A mission like that of "Regards Croise" is no longer in the straight line of presentation by Arago in 1839 of Daguerre's invention in the Academie des Sciences. To photography, England claims equally to be the father of it, the role of registration was devolved. But the early photographers were going to disturb the limits claimed by Baudelaire, photography would only be "a humble servant of science". This artistic legitimisation of photography was confirmed in the 20th century during the 1970s. Meanwhile photography gave rise to another prehension of architecture, very quickly perceived by W. Benjamin: "Each of us will have observed how a painting, or more so a sculpture and, above all of them, architecture are better captured in a photo than in reality... we are obliged to notice that at about the same time when the reproduction techniques were being made, a change came about in the manner of perceiving great works. These works cannot be envisaged as individual productions: they have become collective compositions so powerful that we cannot assimilate them unless they are reduced."(9)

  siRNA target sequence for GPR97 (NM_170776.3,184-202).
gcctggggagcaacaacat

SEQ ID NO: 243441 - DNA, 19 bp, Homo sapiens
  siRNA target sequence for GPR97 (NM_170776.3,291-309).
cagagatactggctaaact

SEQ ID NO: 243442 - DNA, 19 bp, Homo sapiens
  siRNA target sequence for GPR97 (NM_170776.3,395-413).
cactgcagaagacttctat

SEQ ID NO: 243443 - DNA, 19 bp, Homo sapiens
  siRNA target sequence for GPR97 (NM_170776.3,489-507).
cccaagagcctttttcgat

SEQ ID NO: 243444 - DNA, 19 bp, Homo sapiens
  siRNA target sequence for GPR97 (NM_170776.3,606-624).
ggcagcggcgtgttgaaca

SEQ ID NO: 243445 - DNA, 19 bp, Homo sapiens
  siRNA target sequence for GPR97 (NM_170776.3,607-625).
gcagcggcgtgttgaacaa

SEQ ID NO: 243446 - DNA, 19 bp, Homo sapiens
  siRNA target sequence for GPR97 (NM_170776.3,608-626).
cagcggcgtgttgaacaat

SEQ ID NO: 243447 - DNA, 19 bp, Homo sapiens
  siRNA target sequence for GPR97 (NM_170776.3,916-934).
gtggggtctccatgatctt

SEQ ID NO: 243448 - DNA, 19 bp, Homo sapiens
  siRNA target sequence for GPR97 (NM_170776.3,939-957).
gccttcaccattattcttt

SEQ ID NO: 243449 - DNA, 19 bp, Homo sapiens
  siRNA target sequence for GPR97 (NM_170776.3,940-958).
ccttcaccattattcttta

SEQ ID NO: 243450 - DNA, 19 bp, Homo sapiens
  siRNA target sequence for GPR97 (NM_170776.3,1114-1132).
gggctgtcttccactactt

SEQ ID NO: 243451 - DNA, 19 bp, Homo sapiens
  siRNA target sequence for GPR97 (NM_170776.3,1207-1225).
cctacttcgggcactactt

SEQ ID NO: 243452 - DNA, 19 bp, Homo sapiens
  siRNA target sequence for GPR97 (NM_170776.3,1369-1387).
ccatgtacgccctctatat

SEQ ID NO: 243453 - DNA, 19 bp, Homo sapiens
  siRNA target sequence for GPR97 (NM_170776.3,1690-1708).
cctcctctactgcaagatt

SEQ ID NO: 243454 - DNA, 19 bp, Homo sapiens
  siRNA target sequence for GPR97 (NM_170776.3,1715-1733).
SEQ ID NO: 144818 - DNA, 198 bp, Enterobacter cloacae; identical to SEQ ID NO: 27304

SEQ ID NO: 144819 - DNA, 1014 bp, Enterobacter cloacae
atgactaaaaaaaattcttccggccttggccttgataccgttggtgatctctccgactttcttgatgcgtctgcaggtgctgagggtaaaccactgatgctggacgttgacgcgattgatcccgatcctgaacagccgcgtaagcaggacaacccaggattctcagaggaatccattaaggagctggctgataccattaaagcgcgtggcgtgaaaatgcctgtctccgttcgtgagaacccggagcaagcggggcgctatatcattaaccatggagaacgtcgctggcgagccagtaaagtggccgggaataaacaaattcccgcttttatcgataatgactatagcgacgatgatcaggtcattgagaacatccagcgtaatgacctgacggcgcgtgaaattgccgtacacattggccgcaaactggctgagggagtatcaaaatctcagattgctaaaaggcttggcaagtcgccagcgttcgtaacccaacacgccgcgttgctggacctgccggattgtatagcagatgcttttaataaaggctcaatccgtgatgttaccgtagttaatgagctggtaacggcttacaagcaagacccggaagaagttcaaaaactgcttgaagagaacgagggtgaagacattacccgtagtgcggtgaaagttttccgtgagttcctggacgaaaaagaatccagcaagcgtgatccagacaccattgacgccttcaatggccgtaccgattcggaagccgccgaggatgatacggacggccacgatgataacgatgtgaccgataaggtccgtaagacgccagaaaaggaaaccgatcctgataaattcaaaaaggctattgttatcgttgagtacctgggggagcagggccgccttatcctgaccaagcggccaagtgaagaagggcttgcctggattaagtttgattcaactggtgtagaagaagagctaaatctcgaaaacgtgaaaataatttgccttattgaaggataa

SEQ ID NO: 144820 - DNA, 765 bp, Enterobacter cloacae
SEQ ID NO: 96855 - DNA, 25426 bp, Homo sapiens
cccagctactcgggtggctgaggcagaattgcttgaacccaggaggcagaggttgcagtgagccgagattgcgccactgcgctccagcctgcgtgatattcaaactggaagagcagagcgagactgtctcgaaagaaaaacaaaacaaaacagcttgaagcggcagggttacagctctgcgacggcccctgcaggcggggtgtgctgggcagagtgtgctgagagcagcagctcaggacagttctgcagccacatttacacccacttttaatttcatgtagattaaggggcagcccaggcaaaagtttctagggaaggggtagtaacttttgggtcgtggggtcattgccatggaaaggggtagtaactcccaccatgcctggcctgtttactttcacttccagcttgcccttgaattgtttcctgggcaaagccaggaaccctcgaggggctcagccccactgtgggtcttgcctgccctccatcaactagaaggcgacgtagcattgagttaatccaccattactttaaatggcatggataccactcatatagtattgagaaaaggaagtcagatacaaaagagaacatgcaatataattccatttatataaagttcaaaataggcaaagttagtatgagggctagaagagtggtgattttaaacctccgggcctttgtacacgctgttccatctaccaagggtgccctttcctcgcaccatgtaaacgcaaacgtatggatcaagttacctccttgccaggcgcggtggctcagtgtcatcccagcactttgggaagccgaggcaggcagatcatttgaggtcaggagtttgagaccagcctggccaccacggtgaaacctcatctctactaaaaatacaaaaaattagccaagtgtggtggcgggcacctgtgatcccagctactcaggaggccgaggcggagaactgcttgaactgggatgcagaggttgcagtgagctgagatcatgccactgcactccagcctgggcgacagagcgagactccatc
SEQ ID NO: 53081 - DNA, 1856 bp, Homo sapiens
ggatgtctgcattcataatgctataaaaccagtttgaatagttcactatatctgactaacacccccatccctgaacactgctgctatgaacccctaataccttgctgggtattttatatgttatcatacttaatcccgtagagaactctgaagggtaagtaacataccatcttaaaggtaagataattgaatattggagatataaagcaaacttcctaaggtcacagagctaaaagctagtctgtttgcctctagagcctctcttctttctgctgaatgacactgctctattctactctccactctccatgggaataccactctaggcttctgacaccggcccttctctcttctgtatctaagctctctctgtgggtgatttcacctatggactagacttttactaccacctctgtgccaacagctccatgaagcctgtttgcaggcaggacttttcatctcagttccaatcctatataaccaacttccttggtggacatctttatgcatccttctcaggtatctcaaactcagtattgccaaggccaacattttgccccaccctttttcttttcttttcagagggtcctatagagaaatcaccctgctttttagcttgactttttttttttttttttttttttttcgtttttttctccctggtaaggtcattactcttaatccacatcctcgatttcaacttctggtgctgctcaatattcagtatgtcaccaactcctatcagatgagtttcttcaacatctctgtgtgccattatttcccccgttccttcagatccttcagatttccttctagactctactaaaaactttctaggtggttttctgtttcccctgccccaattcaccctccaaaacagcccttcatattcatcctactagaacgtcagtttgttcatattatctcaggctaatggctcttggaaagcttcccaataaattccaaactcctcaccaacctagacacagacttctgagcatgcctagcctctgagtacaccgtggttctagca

The great models of institutional order in the photographic space repose on the legendary heliographic mission of 1851 in France, on the Farm Security Administration in the United States, 1935 to 1942 (with Walker Evans, Dorothea Lange...) during the economic crisis, finally in 1980s in France on the order "Territory of France" of Datar who addresses the artistes. The architects also find a place among great sponsors. Le Corbusier must have been always particularly inclined towards this medium. Boissonnas, Salaun have clicked photos which when published, - Le Corbusier is aware of this - constitute a "wonderful instrument of celebration of new architecture, in time and in space" (10) But it is with Lucien Herve that he builds for himself veritable adequacy... "You have the soul of an architect, come fast and find me. For 40 years, I have been looking for a photographer who is capable of expressing architecture." (11) It is in these terms that Le Corbusier invites Lucien Herve to join him. The dialogue between the architect and the photographer finds expression in "the sacred art", the journal of Pere Couturier, then in Andre Bloc's "Art and Architecture Today". In it Herve visually defends the principal qualities of this architecture. The photographer defends himself "In the same way as a music conductor or a pianist, (he) selects the sonority of the instruments and the tones in order to remake more complete harmonies, but at the same time respecting scrupulously the intention of the composer, in this case the architect."(12)